Du Fu


Du Fu (712–770), styled Zimei, also known as Du Shaoling, is one of the greatest poets in Chinese history. Concerned about the nation and the people throughout his life, he depicted the vicissitudes of human life and historical events in his poems, and was regarded as a “poet historian” and a “poet sage.”


Du Fu was born in a traditional literary family in Gong county (present-day Gongyi, Henan province). His thirteenth-generation grandfather, Du Yu (222–285), was a famous Jin dynasty general who was learned and highly capable, and his grandfather, Du Shenyan (ca. 645–708), was a distinguished scholar-official of the Tang dynasty (618–907). The family tradition of profound learning afforded Du Fu the chance to read enormous volumes of books at a young age.


Du Fu’s political aspiration was to assist the emperor, rescue the nation, and restore the great era of the sage kings Yao and Shun. However, his ambitions were difficult to realize in a time of unrest. He roamed Qi-Lu (Shandong) and Wu-Yue (Jiangsu and Zhejiang) areas in his youth, but was stranded in Chang’an (the imperial capital of the Tang) after failing the imperial examination in his middle years. When he finally became an official at the age of forty-four, the An Lushan Rebellion broke out. Drifting about in the times of war, he died in a solitary boat at fifty-nine. Having fallen to the lower rungs of society for most of his rugged life, Du Fu gradually became an eminent poet voicing the hardships of the common people.


Du Fu’s poetry style was directly influenced by his life experiences. In the early years when he traveled around, confident in the future, his style was bold and unrestrained. When trapped in Chang’an and deluged with anxieties, he began to write serious poems exposing social crises. Later, filled with grief and sorrow, his poems were indignant and incisively described the An Lushan Rebellion during which he was captured by the rebels and forced to serve as an officer. Later, during his short respite in Sichuan, his mood turned fresh and alive, so did his poems. While detained in Kuizhou, he wrote beautiful and delicate poems commenting on the rise and fall of the times in a desolate and weighty tone. Finally in his difficult late years when he wandered to the Jing-Xiang area (Hubei and Hunan), his style turned gloomy and melancholy.


Although he remained in obscurity for more than half of his life, Du Fu, with an unshaken resolve, recorded the events of his epoch and used poetry as a weapon to plead on the people’s behalf. Keenly aware of the crisis hidden in the golden age, he exposed the capricious and wasteful life of the upper-class officials in his works well before the An Lushan Rebellion. “Liren xing” (Ballad of a beauty) satirized the lewd and arrogant life of Yang Yuhuan (719–756), the emperor’s favorite concubine, and her family. And the lines “Within vermilion doors the stench of rotten meat and wine, / Out on the road the bones of the frozen dead.” created a shocking contrast between the rich and the poor. During the time of the rebellion, Du Fu portrayed the disasters caused by war. Among his masterpieces, “Chunwang” (Spring view) touchingly conveys indignation at the ruin state and the longing for his family. His poem sets “San li” (Three poems on officials) and “San bie” (Three farewell poems) depict the incompetence of rulers at war with rebels and the woeful spectacle of forced recruitment; “Song of a Cottage Roof Lifted by Autumn Gales” expresses the poet’s sincere willingness to sacrifice his own happiness for other poor scholars. These poems, either reflecting current events, or criticizing social maladies, or expressing his ambitions or feelings, contribute to his reputation as a “poet-historian.” He also composed many excellent works on mountain climbing, travelling, friendship, family love, and literary criticism.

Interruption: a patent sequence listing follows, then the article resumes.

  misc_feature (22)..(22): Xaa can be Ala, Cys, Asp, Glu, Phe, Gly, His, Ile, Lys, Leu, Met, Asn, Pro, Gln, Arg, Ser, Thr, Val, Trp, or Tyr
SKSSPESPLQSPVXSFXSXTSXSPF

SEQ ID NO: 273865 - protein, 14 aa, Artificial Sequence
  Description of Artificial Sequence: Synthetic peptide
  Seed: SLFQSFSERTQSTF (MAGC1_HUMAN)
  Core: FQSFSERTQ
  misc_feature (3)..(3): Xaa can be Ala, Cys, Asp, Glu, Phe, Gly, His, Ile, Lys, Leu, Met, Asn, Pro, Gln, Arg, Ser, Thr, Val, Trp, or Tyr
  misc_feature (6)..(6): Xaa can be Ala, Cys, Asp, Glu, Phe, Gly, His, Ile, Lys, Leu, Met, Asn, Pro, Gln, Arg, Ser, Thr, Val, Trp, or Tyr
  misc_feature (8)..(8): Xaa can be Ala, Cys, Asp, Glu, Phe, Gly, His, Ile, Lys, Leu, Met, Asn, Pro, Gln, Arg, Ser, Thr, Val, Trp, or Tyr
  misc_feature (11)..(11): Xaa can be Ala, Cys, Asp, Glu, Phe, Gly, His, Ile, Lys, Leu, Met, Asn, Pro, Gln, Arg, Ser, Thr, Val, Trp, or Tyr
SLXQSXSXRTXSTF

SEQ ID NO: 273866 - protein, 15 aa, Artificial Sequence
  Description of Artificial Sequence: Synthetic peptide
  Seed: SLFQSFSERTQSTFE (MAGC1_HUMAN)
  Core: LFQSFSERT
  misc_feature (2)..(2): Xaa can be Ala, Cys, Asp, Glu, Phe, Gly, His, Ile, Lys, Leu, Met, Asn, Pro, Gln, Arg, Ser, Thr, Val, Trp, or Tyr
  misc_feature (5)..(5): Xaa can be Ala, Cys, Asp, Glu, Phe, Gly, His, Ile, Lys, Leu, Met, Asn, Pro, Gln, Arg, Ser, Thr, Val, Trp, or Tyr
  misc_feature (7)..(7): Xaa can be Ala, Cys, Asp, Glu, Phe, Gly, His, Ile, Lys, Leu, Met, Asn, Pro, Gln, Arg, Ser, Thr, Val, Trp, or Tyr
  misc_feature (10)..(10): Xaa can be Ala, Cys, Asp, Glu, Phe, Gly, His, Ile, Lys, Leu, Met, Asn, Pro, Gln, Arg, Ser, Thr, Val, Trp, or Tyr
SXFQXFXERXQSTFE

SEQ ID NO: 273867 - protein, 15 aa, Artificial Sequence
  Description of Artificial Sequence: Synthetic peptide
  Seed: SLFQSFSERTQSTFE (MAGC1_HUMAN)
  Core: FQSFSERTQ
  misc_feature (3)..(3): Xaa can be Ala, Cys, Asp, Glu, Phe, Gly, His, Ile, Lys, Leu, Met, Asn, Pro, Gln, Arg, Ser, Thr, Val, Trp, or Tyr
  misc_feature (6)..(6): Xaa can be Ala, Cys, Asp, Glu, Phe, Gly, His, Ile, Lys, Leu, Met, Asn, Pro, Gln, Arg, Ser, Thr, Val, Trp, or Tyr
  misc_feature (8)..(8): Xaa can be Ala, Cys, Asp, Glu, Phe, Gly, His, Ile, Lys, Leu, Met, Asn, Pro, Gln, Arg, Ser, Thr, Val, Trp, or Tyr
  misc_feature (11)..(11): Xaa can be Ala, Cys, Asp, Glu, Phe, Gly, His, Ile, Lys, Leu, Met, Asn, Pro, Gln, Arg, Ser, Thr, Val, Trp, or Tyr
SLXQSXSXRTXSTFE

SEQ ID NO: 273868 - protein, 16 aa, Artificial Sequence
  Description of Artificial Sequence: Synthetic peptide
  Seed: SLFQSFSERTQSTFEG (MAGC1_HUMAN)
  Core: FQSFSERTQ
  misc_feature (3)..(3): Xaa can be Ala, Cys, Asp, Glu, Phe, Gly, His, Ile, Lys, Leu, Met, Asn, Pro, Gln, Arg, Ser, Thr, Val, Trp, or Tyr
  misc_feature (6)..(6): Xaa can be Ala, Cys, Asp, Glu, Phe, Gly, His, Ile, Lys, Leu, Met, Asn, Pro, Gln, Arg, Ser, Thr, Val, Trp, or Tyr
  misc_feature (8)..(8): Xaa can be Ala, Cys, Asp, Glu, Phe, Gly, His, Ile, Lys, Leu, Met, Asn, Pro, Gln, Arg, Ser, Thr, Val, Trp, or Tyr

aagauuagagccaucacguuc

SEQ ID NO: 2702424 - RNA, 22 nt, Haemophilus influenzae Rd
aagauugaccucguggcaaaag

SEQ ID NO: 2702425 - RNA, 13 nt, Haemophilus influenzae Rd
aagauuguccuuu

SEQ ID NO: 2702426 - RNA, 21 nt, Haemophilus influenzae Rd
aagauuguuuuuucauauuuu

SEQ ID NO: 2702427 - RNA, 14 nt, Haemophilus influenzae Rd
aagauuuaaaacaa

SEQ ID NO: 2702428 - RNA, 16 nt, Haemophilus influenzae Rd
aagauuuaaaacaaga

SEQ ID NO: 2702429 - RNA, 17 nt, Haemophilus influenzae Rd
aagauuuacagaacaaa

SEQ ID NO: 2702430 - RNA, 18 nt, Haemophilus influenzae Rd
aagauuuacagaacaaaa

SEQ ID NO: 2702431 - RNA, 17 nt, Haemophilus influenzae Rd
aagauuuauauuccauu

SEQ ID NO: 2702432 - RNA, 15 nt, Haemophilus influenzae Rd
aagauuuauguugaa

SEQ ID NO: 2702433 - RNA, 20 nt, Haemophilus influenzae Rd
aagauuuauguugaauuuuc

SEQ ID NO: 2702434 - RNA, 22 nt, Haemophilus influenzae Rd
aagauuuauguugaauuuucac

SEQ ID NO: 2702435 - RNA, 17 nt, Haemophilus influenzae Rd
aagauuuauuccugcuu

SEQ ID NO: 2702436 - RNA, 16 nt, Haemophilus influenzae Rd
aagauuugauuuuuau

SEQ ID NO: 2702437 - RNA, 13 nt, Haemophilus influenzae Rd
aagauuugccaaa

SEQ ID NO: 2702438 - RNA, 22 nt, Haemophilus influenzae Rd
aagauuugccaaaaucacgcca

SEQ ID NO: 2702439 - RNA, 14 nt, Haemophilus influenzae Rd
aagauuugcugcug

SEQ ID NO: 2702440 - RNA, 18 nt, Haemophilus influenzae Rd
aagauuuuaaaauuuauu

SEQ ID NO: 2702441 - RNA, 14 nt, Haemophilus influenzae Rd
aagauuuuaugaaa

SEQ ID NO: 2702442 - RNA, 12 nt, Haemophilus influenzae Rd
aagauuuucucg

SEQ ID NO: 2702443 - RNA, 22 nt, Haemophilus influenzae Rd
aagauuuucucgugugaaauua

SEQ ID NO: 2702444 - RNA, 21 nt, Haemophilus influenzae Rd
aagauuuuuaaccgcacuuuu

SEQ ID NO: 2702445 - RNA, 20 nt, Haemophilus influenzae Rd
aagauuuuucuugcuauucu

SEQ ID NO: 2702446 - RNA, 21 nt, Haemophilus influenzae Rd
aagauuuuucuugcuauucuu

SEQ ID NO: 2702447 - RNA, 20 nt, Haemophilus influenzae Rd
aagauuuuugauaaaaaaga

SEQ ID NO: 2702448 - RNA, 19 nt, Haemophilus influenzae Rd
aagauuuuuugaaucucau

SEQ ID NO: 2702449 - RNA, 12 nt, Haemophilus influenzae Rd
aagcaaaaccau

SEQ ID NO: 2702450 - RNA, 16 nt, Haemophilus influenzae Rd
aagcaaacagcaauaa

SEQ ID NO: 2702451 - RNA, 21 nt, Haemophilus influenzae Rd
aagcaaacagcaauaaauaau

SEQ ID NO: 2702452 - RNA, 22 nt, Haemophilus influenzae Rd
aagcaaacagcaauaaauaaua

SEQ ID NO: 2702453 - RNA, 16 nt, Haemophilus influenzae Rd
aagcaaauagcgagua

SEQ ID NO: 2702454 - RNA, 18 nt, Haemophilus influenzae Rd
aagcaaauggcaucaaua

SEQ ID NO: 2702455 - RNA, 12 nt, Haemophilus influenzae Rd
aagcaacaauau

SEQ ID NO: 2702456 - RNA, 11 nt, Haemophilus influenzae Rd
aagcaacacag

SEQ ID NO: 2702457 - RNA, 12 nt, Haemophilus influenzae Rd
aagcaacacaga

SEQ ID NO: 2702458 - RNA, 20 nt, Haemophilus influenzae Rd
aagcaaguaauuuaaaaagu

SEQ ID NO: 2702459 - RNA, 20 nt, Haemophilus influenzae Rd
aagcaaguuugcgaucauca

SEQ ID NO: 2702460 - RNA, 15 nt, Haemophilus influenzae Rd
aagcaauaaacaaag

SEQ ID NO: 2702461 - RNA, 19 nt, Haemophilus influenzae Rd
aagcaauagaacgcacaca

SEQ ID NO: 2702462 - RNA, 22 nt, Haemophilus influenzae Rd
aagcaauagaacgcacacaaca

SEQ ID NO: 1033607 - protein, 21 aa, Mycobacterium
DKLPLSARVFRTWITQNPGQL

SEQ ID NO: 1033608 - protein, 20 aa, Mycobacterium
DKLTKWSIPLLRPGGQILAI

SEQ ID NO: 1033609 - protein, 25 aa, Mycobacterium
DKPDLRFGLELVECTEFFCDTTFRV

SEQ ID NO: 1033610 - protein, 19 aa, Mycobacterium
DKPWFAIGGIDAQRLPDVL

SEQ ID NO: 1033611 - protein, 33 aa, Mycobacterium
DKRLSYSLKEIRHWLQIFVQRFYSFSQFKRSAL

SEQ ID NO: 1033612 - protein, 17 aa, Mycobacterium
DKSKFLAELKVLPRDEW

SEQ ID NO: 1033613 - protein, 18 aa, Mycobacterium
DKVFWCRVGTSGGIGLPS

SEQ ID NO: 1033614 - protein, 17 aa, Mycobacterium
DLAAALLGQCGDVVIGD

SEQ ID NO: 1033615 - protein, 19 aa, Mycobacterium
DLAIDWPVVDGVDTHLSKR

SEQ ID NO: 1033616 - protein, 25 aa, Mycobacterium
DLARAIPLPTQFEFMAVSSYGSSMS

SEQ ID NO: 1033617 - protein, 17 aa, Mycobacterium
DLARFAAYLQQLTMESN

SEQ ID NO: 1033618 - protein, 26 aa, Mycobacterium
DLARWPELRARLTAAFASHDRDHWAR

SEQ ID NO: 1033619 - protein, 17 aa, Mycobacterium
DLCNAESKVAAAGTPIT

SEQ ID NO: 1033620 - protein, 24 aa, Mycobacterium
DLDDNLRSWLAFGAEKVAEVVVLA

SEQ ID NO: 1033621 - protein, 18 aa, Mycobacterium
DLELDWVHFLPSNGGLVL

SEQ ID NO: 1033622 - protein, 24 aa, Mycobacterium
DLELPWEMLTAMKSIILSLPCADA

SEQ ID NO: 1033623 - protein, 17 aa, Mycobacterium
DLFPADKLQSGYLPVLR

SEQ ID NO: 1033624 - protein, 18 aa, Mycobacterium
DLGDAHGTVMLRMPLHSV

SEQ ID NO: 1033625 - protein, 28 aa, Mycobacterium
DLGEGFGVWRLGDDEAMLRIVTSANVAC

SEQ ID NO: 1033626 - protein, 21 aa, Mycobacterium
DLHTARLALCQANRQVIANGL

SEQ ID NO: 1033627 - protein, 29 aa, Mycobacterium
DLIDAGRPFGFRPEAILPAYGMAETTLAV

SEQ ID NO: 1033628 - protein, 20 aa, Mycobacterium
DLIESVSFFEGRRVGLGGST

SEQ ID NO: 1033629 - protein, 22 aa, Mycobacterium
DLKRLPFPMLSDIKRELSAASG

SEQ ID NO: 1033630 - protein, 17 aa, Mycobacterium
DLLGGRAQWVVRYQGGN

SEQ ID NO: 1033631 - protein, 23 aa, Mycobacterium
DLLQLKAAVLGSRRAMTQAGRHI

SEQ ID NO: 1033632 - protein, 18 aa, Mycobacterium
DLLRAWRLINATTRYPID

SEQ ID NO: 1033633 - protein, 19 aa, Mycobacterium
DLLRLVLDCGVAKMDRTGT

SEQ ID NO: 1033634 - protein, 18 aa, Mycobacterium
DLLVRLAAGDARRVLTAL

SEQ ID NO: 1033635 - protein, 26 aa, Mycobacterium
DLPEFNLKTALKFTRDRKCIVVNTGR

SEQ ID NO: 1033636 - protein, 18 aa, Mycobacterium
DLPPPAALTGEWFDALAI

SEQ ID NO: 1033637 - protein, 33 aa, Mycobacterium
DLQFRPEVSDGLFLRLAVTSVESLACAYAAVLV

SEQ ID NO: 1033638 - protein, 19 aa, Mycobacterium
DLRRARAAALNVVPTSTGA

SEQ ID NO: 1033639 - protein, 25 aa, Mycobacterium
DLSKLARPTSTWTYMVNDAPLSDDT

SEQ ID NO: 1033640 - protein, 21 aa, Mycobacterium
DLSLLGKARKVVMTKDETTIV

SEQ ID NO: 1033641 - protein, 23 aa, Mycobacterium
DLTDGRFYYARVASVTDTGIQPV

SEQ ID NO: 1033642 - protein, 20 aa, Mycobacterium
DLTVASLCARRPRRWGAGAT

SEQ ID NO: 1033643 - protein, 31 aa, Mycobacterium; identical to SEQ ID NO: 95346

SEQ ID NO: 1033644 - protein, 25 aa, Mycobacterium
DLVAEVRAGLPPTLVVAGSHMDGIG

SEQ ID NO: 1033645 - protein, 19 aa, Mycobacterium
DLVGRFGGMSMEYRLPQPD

Praised by Yuan Zhen (779–831), a Tang poet, as “epitomizing all previous arts and mastering all poetry styles,” Du Fu was proficient in every style of poetry. His innovations in form, technique, language, and prosody inspired many poets of later generations. And thus became the patriarch of various poetic schools. With his achievement in reflecting social realities and the people’s suffering, he became a role model for the concerned literati who advocated poetic reform after the Tang dynasty. As one of the greatest patriotic poets of China, he earned the title of “poet-sage.”


Du Fu tremendously influenced later generations. After the Song dynasty, there was such a large number of commentaries to his poems, they were known as the “thousand annotators of Du Fu’s poems.” His poetry spread to Japan in the eleventh century and to Britain, France, Russia, and other Western countries in the eighteenth century.

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